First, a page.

No one ever could've predicted we'd be seeing two modern marvels in the year 2009, two imposing female horses that will undoubtedly leave their impressions stamped in the history books for all of time. I never got to see the great Secretariat. I never got to see Man o' War or Ruffian, Spectacular Bid or Seattle Slew. But I got to see Rachel Alexandra and Zenyatta. Here we are, in a few span of months for the ages, a time when people thirty years from now will be looking at us with wonder in their eyes and whisper, "You got to see Rachel Alexandra?"

I was there. I never thought I'd be able to say I'd seen a Great, because it's so hard to know precisely what that is until you see it for yourself.

Now I know.

I know because of the sort of disbelief that overcame me when Rachel Alexandra swung into the final turn of the Haskell and began to separate herself from the rest of the field. That's not something just any horse could've done. Her competitors were decorated: a Belmont winner, an Arkansas Derby winner, an up-coming superstar. It takes a freak to spit in the faces of horses like that and run away for fun. That's what Greatness is.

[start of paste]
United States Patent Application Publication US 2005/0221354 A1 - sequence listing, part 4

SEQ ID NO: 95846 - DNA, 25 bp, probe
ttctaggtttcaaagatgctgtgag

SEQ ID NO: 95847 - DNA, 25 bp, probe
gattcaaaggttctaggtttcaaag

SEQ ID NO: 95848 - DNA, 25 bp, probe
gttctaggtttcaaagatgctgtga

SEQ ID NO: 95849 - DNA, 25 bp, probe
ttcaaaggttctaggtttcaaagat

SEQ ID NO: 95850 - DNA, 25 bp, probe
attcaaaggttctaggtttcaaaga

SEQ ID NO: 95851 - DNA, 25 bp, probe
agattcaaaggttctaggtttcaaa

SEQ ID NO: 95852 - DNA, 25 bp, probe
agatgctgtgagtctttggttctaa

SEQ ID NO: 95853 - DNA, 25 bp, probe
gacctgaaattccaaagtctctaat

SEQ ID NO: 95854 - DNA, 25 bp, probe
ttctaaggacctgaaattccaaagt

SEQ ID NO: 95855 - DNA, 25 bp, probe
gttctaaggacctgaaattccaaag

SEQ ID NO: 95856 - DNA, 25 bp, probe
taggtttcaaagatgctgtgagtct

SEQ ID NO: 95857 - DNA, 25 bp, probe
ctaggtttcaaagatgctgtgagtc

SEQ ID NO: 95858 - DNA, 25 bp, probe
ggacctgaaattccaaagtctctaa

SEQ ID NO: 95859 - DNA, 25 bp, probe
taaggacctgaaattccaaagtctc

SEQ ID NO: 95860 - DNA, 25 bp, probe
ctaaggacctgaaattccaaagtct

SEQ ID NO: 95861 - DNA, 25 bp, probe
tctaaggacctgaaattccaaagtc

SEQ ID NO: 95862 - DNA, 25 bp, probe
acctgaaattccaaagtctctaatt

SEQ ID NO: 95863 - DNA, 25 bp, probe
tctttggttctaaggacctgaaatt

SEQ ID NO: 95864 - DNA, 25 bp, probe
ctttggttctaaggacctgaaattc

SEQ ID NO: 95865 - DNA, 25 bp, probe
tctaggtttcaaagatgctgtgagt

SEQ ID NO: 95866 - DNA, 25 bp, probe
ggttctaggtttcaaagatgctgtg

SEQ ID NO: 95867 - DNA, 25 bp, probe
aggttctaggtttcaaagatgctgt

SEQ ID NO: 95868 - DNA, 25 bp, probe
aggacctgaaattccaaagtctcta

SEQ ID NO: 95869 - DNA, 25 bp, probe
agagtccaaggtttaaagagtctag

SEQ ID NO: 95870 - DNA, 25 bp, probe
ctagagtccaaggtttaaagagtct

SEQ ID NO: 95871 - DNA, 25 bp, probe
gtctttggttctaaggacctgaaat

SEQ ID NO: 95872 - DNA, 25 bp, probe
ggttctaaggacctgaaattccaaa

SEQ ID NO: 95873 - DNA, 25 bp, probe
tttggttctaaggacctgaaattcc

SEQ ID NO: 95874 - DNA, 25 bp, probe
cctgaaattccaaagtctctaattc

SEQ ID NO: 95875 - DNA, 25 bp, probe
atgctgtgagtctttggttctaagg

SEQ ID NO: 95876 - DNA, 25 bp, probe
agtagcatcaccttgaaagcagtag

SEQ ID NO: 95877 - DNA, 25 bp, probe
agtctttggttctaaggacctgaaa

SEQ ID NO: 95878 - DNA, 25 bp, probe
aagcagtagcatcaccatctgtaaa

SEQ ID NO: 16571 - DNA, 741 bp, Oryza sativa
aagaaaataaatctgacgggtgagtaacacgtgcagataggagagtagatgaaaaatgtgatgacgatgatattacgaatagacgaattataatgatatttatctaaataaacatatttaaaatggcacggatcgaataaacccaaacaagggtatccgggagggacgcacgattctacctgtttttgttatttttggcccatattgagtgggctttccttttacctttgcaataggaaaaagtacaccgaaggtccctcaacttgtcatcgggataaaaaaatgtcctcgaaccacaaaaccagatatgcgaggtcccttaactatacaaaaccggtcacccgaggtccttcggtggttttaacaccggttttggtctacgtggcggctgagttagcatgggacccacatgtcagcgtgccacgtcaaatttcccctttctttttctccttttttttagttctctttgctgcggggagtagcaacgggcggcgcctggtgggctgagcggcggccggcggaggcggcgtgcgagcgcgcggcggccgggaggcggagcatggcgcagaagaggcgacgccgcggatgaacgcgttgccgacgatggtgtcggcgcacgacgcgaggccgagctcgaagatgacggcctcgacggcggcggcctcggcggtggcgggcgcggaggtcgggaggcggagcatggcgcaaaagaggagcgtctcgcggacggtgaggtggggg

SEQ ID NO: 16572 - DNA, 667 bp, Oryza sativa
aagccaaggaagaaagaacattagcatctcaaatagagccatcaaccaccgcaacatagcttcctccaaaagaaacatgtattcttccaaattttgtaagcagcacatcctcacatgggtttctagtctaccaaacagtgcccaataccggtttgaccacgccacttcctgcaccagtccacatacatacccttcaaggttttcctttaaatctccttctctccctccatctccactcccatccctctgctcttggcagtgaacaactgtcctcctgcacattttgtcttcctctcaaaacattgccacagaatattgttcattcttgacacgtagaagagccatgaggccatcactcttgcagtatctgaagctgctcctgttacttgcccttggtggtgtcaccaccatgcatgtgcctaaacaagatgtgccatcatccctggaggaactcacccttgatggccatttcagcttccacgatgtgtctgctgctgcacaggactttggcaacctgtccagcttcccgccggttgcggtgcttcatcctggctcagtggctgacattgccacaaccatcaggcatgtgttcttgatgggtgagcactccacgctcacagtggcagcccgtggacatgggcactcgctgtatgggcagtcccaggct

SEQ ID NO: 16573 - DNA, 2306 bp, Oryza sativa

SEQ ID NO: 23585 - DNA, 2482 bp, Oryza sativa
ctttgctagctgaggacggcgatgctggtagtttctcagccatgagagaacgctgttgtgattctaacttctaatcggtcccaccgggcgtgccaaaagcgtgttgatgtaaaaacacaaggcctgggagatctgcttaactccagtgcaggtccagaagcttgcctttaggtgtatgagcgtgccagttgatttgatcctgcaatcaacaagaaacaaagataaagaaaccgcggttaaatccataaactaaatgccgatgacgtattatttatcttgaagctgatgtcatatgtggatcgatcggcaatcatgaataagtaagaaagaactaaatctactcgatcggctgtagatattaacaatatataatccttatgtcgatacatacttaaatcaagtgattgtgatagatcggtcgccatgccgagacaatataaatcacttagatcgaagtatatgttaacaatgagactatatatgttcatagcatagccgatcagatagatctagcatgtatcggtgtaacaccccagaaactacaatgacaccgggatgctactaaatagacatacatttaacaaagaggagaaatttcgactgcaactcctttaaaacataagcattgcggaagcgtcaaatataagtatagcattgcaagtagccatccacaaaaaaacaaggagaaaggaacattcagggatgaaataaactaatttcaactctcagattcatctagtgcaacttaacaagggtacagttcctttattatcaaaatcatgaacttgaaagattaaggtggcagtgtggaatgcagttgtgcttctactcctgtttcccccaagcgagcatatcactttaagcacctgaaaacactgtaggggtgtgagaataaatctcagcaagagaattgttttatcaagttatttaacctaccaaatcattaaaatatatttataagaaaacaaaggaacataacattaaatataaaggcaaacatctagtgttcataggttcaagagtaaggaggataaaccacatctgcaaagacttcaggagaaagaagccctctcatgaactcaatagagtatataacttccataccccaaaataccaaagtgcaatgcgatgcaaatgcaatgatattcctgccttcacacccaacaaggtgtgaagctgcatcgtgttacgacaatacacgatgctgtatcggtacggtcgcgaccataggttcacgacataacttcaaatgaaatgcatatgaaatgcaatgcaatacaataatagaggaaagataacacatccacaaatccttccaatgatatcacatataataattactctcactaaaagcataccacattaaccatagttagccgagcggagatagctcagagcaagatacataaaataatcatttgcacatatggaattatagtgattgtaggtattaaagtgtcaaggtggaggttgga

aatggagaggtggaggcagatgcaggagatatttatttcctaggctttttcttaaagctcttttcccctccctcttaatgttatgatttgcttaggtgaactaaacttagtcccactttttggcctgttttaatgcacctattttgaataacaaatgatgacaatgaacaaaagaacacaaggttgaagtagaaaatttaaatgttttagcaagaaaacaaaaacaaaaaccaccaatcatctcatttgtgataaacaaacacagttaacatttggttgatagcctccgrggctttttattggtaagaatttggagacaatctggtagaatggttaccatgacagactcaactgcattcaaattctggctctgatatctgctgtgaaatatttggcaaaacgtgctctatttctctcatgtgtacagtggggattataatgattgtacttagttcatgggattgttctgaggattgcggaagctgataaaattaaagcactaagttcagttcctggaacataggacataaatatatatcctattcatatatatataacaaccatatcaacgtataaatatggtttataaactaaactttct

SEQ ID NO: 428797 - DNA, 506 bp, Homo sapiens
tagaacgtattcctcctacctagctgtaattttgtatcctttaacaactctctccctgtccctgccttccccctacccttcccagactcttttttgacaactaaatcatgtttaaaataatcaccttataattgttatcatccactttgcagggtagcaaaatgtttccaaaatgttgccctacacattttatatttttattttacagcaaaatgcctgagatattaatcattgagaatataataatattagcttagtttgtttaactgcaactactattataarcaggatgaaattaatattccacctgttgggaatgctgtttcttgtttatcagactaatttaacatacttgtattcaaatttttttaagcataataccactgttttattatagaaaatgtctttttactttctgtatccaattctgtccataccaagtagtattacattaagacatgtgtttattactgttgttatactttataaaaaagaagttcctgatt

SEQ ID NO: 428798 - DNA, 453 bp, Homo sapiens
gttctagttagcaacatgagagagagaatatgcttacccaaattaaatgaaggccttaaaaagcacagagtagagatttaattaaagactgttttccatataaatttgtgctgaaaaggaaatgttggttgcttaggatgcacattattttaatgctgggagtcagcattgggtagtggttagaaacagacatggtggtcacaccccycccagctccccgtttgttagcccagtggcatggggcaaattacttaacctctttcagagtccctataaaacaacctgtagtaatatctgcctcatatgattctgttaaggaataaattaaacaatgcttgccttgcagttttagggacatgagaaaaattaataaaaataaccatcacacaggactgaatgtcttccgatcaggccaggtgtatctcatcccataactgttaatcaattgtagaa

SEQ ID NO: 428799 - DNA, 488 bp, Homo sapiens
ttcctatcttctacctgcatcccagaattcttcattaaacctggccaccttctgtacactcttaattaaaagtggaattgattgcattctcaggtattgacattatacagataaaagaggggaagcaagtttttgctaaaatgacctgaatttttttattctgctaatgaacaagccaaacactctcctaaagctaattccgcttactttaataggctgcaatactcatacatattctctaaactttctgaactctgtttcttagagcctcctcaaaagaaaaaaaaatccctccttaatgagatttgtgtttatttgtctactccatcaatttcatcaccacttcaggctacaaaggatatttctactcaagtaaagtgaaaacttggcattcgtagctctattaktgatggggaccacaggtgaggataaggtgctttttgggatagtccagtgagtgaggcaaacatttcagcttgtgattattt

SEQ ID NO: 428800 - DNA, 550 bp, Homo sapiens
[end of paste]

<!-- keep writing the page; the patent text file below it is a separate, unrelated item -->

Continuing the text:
The same can be said for Zenyatta, but on a different level. I was shocked after watching Zenyatta's last race, the Clement L. Hirsch Stakes, where she just barely won her twelfth race in a row. To the naked eye, it wasn't clear if she'd actually made it to the wire before the track ran out. Did the undefeated Zenyatta get foiled by a dirty head-bob? The idea that Zenyatta could be beaten by a horse nothing much better than a claimer stunned me so badly, I sat on my couch, jaw ajar, simply staring as the crowd at Del Mar shrieked and ebbed like a cage full of monkeys.

But those people were cheering-that's what stunned me. Zenyatta shouldn't have won the Grade I Clement Hirsch Stakes by a head, she should've won that race by 10 lengths, at worst. What in the heck just happened? Suddenly, this great unbeaten mare looked like a laughing-stock in comparison to the filly two years her junior, Rachel Alexandra, who'd just beaten a field of incomparably tough colts by 6 in the Grade I Haskell Invitational.